Death be not proud

Ed Smith
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I haven't yet decided whether I'll die sooner, later or at all.
Some of you really get your drawers in a knot over little statements like that. People who take this stuff seriously (and I'm glad they do) don't think that first line is appropriate for me or anyone else. They attempt to enlighten me, convert me (in the religious sense) and/or chastise me or all three at once.
You probably think this will be a dull, boring and totally uninteresting column. I don't know yet myself what it will be, because I don't know for sure what I'm going to say. Sometimes such efforts should never see the black of print. Sometimes they turn out to be wonderfully scintillating and unforgettable. I know where my money lies on this one.
I've heard all the responses many times to that first line, so I'm presenting them here. I've even listed them numerically for your greater convenience.
1. "That's really stupid! You don't decide how you'll die."
2. "That's a really arrogant thing to say, Edward. God decides when you die!
3. "You're tempting God, Ed! Only God knows when you're going to die!"
4. "You die when your time comes; not before, not after."
5. "You could be dead tomorrow, Ed Smith. What will you say then?"
There are other responses to the opening line bordering on the fanatical and sometimes the vulgar. No need to get into them here. Oh, OK, just one - for entertainment purposes only.
"You @#@$% heathen, you're not &%#@# saved, are you, or you wouldn't say stupid @#$&# things like that!"
I'd like to respond briefly to the first five responses, if I may, because as usual, most of us don't think very clearly when we make statements like that. Whether or not they make sense is entirely irrelevant. Same is true of this column.
1. I can decide how I'll die if I want to. I could go jump off a high cliff, except I can't get to one in my wheelchair. But if I could, it would certainly be my choice, would it not? I could wheel in front of a transport truck, except I'm afraid it would hurt. I could swallow a week's supply of medication and simply go to sleep.
The whole point is that I can decide how I'll die if I choose to. People do it all the time.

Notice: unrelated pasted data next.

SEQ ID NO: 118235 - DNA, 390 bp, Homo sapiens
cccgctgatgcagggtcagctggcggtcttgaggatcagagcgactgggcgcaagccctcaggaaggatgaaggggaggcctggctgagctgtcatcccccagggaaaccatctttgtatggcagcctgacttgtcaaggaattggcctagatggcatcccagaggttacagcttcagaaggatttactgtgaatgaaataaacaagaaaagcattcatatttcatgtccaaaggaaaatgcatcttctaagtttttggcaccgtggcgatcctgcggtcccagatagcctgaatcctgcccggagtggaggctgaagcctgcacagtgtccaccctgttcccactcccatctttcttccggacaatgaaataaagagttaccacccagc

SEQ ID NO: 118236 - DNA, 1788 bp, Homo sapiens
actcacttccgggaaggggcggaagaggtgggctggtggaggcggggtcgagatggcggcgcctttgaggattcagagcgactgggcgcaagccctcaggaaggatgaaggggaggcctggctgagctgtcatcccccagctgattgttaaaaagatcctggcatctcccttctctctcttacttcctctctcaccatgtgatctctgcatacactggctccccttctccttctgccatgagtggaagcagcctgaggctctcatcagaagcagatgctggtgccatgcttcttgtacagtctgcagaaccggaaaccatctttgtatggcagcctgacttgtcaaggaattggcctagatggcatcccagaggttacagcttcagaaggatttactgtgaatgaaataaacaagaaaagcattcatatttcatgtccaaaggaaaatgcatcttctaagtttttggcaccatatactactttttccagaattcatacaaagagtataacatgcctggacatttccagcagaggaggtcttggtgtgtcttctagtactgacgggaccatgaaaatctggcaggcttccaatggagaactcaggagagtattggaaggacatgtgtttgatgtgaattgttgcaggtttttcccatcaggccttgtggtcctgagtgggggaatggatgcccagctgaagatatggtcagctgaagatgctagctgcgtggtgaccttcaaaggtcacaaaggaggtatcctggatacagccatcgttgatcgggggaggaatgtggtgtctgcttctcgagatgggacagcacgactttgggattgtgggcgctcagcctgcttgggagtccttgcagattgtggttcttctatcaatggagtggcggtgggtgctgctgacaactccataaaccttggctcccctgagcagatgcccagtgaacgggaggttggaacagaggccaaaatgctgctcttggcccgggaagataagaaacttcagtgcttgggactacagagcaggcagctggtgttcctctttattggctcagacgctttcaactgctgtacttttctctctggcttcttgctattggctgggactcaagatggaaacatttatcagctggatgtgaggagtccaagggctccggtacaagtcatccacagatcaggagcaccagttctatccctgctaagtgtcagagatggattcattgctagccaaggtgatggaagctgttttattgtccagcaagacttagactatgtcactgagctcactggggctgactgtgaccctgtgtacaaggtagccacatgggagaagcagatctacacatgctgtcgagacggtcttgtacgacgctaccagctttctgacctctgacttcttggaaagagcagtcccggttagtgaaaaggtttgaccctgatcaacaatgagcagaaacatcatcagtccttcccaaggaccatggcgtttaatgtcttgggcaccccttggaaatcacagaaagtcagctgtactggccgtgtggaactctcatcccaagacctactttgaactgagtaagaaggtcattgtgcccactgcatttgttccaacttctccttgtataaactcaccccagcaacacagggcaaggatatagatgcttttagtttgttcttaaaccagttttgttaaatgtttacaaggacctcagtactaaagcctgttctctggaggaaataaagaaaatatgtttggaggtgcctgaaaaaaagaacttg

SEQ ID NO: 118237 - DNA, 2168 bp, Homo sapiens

2. I don't think it's that arrogant. As suggested under 1, I could decide to do any one of those things today, tomorrow or next year. But, you're saying, God could stop you from doing anything of the sort. He could cause the truck to break down. He could make you get sick and throw up the pills. He could dry up the river. He could send a great fish to swallow you whole. It's been done before, you know!
Now you're getting upset because I'm being blasphemous. But as far as I'm concerned, you can ascribe whatever stupid and ridiculous things to God you want. He can take it.
3. God may know when I'm going, but that doesn't mean he has anything to do with it. I might know when the next U.S. presidential election is coming, but that doesn't mean I'm involved in it. If I did have some responsibility for a national election, I wouldn't waste it. I'd call one in Canada for August and have Harper over in Iceland shovelling volcanic ash for the two months preceding it. (That's a little aside for my own pleasure.)
4. This was my mother's philosophy of life and death. We'd argue about it left and right, up and down, but I could never change her mind. I'd even tell her that story about the man in an isolated little community in Labrador who was very ill. I've told it before, but for those of you who may have been elsewhere at the time, here it is again.
A friend of mine who flew bush planes was hired to pick up this old fellow as a medical emergency and take him to hospital in St. Anthony. But when Burt got there, the old guy refused to get in the plane. No way was he going up in that thing, he said; it wasn't safe. All arguments were futile.
Finally Burt asked him if he believed in God, and if he believed that God decided life and death and when one's time had come. Yes, the old fellow said, he believed that firmly.
"There you go," Burt said. "If God decides your time is not come, you'll be OK in my plane."
"l know that," his reluctant passenger replied, "but suppose while we're up in that plane, God decides your time has come?"
Mother said she didn't believe the story, and that was that.
5. This one reminds me of a story I know to be true because a one-time neighbour of our family said it, or rather screeched it, at her youngsters one bright summer day. "If you youngsters goes down in that landwash and falls in that salt water and drowns, you'm going to get some trimmin' when you comes back up here!"
I'll tell you what I'll say if I drop dead tomorrow. "Which way to the Pearly Gates, you?" I assume that no matter who I run into, they'll be able to point me in the right direction.
So, you're asking me, what on Earth would cause you to write about this stuff, anyway? It isn't uplifting. It isn't informative. It isn't even funny. In fact, truth be known, it's rather depressing in a strange sort of way.
I agree. I just read it over and I'm depressed. And there's just this one other thing.
You could be right, ma'am. God may decide when I die, how I'll die or if I'll die at all. I may have nothing whatsoever to do with it.
I concede the point.

Ed Smith is an author who lives in Springdale. His e-mail address is

Geographic location: Springdale

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